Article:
A SCHOOL headteacher has taken matters into his own hands and carried out his own risk assessment of a 'dangerous' junction where a lollipop man isn't being replaced.

Stanley Road Primary School headteacher David Brownsword said the Stanley Road/Wylds Lane junction needs a school crossing patrol after the resignation of the previous lollipop man.

But Worcestershire County Council says it does not meet the required national criteria to be able to provide one.

The authority followed the national procedure, used by all local authorities in England. This meant the authority counted pedestrians crossing both Stanley Road and Wylds Lane at the junction, and vehicles passing through the site, with lorries counting double.

A calculation was then made, based on the busiest half an hour.

A figure of four million or over needs to be reached for a site to qualify for a patrol and, the council say, as it was not reached it does not have the authority to recruit as the site "falls outside of policy".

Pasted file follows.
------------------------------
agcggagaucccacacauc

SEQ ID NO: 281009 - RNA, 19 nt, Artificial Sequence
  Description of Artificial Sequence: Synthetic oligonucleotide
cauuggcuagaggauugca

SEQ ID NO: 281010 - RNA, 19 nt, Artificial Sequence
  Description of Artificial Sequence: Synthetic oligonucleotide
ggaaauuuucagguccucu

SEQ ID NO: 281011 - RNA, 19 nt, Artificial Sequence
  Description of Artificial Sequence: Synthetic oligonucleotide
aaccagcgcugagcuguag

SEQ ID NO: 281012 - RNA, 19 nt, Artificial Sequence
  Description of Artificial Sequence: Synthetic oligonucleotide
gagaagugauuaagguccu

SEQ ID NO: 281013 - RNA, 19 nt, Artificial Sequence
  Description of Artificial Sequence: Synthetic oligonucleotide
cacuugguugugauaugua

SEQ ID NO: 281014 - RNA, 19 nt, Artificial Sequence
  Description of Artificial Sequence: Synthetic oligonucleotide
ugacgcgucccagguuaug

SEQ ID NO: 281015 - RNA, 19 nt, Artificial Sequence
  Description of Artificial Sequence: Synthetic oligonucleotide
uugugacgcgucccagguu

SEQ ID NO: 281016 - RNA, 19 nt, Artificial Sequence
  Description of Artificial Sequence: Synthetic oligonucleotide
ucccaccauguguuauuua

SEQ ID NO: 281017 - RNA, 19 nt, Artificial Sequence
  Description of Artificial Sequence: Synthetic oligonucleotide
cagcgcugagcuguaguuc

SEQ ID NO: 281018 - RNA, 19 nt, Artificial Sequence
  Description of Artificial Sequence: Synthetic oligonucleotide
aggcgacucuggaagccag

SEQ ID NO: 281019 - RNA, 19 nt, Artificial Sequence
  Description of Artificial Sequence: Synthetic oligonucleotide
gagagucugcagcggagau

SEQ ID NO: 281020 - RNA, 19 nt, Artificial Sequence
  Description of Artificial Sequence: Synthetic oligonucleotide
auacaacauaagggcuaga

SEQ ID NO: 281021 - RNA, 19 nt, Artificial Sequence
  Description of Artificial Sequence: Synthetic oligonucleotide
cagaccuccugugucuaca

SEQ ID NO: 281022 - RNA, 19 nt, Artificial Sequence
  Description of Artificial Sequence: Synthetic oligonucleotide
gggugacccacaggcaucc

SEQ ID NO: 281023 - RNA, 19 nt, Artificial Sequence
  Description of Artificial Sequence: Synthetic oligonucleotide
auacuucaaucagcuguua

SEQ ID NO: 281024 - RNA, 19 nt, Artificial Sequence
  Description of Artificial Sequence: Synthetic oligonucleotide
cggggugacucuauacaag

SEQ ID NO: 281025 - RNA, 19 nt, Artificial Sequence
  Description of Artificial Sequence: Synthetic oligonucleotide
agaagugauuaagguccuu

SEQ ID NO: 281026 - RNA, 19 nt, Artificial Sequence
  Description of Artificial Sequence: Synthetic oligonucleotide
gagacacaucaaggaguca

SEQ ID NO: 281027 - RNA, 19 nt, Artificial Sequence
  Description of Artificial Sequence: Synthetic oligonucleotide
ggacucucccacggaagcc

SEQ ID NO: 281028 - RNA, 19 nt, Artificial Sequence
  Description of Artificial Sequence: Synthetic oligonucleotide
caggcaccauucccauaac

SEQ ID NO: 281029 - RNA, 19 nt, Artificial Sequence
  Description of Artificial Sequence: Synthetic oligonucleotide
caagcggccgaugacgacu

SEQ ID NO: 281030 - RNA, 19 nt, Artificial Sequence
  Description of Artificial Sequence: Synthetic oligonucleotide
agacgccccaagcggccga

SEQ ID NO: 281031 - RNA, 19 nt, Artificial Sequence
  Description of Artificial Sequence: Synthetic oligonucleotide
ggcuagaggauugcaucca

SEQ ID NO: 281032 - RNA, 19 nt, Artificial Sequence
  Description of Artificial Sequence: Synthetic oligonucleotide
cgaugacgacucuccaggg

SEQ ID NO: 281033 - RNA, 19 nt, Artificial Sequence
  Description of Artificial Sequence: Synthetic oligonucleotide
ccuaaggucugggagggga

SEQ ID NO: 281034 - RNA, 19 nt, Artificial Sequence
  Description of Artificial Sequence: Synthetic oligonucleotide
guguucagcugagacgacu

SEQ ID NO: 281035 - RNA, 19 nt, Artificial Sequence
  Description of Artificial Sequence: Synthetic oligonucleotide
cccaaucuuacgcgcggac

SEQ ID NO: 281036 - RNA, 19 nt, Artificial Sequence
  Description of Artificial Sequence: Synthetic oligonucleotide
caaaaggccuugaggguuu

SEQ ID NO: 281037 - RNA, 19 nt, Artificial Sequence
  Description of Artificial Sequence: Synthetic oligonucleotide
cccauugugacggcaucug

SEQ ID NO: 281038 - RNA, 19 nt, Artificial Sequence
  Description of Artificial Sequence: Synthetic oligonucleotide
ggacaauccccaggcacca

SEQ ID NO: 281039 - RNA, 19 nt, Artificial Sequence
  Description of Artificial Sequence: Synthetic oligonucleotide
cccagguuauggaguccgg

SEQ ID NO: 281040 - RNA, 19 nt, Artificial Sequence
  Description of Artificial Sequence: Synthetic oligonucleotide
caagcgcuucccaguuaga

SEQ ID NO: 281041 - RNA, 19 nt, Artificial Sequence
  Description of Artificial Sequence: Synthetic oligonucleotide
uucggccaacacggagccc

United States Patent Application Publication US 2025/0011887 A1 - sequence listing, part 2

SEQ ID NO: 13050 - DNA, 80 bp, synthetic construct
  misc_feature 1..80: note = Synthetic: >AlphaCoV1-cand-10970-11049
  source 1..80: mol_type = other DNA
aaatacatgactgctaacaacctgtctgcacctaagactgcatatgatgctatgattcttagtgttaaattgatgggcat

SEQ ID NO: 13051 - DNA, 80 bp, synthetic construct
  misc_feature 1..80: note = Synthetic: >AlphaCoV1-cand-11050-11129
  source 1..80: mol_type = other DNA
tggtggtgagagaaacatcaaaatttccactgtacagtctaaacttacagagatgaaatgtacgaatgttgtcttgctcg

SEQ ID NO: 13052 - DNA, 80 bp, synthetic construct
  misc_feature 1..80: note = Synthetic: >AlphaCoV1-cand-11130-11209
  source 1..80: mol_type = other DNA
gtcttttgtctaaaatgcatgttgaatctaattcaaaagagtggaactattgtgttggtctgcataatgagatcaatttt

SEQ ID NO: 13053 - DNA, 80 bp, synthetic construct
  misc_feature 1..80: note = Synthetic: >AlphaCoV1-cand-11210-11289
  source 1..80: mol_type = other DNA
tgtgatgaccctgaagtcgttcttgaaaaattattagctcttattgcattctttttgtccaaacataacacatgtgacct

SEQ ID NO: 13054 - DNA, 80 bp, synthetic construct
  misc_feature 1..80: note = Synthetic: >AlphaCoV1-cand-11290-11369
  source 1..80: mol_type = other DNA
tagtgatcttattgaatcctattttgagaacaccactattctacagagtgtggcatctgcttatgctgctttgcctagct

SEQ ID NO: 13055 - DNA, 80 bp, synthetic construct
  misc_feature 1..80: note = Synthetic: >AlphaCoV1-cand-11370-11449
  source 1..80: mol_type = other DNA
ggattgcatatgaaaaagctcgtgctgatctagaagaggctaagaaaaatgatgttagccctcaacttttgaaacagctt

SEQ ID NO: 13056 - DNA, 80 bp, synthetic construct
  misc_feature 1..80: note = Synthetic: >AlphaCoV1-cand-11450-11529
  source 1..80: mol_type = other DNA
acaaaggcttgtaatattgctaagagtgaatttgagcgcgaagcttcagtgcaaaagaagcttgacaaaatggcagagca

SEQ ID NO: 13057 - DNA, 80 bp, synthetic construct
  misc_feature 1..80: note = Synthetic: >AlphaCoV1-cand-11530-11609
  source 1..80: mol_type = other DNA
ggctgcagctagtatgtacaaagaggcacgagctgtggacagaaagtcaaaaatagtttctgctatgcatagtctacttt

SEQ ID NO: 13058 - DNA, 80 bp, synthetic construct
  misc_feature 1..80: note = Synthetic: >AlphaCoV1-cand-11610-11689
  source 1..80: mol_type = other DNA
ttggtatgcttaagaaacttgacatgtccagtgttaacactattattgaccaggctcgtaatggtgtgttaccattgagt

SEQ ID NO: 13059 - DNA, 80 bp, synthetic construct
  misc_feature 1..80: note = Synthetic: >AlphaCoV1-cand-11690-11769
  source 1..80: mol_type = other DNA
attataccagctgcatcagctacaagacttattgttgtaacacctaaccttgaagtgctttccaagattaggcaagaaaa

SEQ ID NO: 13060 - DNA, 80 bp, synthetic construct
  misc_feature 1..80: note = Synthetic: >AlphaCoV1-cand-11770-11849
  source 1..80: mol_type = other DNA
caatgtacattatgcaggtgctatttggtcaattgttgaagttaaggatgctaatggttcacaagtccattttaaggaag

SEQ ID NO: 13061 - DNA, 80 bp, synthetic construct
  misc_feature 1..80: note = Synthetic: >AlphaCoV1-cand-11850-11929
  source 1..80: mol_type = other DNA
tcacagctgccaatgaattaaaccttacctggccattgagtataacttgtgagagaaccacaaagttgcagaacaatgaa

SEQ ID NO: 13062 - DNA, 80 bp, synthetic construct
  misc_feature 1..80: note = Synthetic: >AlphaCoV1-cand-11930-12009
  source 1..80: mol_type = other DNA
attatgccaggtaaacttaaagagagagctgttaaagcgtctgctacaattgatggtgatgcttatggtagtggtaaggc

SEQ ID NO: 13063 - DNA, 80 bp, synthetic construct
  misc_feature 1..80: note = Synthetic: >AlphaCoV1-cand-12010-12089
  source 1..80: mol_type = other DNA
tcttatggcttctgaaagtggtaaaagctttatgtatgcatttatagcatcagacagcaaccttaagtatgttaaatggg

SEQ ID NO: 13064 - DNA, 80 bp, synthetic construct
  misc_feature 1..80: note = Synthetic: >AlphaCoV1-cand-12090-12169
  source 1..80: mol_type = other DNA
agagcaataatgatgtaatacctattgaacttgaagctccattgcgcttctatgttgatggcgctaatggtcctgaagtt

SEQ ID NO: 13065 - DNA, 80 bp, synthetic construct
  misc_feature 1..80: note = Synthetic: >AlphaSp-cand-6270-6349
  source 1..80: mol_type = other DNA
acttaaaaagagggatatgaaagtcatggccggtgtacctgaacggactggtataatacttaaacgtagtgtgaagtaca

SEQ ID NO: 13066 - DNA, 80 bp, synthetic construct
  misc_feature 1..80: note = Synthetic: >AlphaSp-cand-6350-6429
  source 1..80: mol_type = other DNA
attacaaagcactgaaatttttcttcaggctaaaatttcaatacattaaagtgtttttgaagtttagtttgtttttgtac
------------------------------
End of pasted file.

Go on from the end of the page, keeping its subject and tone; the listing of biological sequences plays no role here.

Mr Brownsword is challenging this, saying the reality is different and to prove it went out, with pupils, to the crossing counting their own numbers and observing the junction.

He said: "This morning (Tuesday) the children again went to conduct a school crossing patrol survey at the junction of Wylds Lane and Stanley Road.

"They counted 90 children only crossing at the junction.

"At a previous survey, on June 25, the children counted 155 adults and children including some elderly folk.

"The children observed several incidences of dangerous driving including a woman doing a turn in the road at the junction, a vehicle mounting the curb so that the driver could pass an oncoming vehicle and numerous instances of drivers not indicating that they were turning into Stanley Road.

"Nothing we observed today changed our opinion that this is a dangerous junction and needs a crossing patrol."

Meanwhile a petition was set to be handed into the authority's full council meeting on Thursday.

Lynn Denham, Worcestershire County councillor for the Cathedral ward which covers the area, has been given permission to present the petition, which includes a paper version with 130 signatures of adults and 205 children, and an online version with 70 signatures.

Cllr Denham said: "There are three schools in a close area. It is a quite a busy route, for people going to Shrub Hill station.

"I fully support the campaign to get a lollipop man back. There are risks there, little children can't see parked cars. There needs to be safety measures."

She added that she understood the county council had offered the school a meeting in September for everyone concerned to further discuss the issue and to review the situation then.